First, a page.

Data from: Effect of distance to edge and edge interaction on seedling regeneration and biotic damage in tropical rainforest fragments: a long‐term experiment
Benítez-Malvido, Julieta; Lazaro, Amparo; Ferraz, Isolde D. K. (2019), Data from: Effect of distance to edge and edge interaction on seedling regeneration and biotic damage in tropical rainforest fragments: a long‐term experiment, Dryad, Dataset, https://doi.org/10.5061/dryad.q0470c6
In forest fragments, edge effects can influence forest regeneration, but little is known about how edge effects influence seedling performance and the interaction between seedlings and their natural enemies over time.
In central Amazonia, we recorded survival and growth (in height and leaf number) and damage by insect herbivores and leaf‐fungal pathogens of Chrysophyllum pomiferum (Sapotaceae) seedlings that were exposed to different numbers of edges and to different distances from the forest edge. Grown seedlings were transplanted into one‐square‐metre plots within 1‐ha blocks located in the centre (no edge), the edge (one edge), and the corner (two edges), and at different distances from the edge towards the interior (i.e., 20, 40, 60, 80, and 100 m) of two rectangular fragments (10‐ and 100‐ha in size). Plots were visited once every 2 months for 1 year (1992–1993) and thereafter every 2 years for almost 8 years (1993–2001).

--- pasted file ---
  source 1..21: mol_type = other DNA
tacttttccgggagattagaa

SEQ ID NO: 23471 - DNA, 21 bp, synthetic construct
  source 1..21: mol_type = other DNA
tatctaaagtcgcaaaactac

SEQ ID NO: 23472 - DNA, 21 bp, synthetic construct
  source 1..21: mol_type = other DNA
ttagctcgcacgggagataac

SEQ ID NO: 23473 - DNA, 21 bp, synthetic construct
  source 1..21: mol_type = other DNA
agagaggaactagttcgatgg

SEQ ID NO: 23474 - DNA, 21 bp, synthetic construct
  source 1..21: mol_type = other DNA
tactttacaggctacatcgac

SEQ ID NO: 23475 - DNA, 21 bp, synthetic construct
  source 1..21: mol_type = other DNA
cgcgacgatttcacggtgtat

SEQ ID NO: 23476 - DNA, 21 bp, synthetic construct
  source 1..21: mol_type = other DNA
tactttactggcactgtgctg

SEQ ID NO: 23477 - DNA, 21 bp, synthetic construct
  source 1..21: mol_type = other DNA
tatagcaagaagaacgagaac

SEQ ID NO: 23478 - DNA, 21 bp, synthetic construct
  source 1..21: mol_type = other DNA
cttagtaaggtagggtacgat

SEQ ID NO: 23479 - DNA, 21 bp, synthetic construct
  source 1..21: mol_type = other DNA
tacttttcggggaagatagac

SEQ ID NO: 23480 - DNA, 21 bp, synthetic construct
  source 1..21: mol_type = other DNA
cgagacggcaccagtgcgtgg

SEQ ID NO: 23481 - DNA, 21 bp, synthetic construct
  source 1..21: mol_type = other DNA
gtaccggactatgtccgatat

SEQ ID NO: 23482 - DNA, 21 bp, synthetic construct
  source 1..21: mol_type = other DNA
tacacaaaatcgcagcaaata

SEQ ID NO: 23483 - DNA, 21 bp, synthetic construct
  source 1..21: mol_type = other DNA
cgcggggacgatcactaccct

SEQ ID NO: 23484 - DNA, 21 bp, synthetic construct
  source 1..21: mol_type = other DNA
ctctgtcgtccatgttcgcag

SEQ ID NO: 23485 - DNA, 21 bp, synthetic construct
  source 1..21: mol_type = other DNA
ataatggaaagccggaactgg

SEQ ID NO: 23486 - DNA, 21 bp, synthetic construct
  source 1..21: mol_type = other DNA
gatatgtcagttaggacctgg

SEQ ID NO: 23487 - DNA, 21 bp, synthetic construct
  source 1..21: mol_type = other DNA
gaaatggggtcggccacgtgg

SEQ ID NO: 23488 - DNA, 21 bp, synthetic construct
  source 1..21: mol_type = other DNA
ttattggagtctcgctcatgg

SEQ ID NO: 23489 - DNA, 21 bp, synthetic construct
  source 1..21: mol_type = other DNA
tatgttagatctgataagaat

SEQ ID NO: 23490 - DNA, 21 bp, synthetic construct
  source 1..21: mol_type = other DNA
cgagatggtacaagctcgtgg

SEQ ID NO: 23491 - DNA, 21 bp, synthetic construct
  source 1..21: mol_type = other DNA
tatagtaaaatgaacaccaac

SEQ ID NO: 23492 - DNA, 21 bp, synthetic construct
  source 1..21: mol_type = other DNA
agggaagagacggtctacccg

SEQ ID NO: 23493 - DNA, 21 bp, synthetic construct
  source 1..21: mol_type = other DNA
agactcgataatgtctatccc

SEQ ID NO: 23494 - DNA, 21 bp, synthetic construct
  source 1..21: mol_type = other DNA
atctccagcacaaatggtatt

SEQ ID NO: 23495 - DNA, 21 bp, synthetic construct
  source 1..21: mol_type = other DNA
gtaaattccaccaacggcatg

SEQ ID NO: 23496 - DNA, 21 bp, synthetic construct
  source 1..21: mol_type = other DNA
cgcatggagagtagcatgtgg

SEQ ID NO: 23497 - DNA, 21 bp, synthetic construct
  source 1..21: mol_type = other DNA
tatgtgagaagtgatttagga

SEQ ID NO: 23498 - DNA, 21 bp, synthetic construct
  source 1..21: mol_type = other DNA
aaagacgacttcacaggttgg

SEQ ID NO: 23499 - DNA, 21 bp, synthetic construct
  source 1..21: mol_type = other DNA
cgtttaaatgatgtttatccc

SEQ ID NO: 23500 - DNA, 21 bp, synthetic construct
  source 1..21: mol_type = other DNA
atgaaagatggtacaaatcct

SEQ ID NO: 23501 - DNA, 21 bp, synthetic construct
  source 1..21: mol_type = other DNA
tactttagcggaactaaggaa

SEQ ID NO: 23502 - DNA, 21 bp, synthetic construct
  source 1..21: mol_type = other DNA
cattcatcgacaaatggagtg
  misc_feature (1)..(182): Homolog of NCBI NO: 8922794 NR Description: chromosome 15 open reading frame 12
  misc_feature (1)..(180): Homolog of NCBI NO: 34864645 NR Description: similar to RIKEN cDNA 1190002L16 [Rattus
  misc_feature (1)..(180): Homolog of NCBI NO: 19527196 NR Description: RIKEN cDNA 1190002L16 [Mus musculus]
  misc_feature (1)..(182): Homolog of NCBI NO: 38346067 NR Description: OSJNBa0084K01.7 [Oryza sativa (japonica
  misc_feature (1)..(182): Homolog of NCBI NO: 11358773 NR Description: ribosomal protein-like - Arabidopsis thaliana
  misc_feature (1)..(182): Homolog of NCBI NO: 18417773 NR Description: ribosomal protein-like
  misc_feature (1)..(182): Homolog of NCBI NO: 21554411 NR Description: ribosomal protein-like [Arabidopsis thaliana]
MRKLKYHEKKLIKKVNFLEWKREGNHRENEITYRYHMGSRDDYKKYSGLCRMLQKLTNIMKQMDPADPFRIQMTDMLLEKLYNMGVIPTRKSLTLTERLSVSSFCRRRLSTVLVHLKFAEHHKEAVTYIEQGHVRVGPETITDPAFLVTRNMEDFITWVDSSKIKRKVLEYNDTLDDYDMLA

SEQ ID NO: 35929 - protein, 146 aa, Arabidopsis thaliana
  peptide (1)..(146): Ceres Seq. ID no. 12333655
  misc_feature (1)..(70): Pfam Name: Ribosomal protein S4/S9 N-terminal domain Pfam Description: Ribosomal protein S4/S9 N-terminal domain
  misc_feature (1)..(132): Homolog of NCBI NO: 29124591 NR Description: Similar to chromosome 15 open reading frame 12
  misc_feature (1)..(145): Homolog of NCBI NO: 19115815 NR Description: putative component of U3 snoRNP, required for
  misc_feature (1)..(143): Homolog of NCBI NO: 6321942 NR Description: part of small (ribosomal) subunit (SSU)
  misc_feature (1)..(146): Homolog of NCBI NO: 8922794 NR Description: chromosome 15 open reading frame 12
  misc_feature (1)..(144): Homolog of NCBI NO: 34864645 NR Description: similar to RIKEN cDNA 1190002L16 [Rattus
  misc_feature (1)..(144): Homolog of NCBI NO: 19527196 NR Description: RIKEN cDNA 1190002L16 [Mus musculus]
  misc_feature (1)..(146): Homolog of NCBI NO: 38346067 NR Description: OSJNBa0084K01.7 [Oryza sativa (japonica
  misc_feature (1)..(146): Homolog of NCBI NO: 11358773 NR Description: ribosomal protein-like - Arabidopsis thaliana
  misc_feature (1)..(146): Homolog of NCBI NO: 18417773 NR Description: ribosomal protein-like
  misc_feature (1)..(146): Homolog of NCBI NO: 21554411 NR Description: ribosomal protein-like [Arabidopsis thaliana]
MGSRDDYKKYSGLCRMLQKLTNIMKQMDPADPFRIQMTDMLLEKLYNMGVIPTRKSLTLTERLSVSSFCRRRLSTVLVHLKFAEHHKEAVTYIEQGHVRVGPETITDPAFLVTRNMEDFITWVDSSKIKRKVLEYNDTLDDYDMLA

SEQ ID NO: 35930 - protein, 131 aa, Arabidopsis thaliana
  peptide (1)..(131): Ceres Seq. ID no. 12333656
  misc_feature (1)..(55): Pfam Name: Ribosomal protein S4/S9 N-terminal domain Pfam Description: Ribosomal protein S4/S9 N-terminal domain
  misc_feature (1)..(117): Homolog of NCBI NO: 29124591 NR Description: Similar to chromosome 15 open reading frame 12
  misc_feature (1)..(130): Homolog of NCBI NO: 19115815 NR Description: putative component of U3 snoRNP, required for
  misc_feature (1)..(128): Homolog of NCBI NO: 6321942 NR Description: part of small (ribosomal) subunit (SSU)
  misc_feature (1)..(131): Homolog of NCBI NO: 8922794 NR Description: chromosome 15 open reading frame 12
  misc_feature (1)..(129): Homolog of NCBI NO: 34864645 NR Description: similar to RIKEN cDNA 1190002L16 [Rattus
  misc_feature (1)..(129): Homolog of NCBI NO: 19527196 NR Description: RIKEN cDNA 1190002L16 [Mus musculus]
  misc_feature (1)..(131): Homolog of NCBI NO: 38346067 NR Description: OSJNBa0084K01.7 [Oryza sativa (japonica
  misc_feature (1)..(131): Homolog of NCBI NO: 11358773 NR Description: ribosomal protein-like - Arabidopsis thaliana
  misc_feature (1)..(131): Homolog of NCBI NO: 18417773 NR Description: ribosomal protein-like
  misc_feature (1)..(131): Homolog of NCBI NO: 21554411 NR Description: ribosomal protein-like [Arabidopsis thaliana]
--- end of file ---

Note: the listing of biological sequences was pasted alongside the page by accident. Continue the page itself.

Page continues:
Overall, results showed that seedling survival, height, leaf number, and biotic damage varied over time with the presence of nearby edges and with the distance from the edge. Survival was lower in fragment edges and corners than in centres. Increase in height was similar for all positions within the 100‐ha fragment, whereas in the 10‐ha fragment seedling height had a greater increase at the edge and corner than in the centre. Furthermore, survival increased with distance from the edge as did leaf number, whereas height showed a lower increase closer to the edge than farther away.
Regarding biotic damage, for both fragments herbivory was greater at the centres and decreased with edge proximity over time, whereas leaf‐fungal damage was greater at the corners than in the edges and increased significantly over time. Biotic damage was correlated with seedling size. Small seedlings were more susceptible to fungal attack, whereas larger seedlings were so to herbivores.
Synthesis. This study demonstrated that despite stochastic environmental factors seedling survival, growth, and biotic damage by herbivores and fungal pathogens varied with the level of edge exposure and proximity, which may threaten forest regeneration in the long term.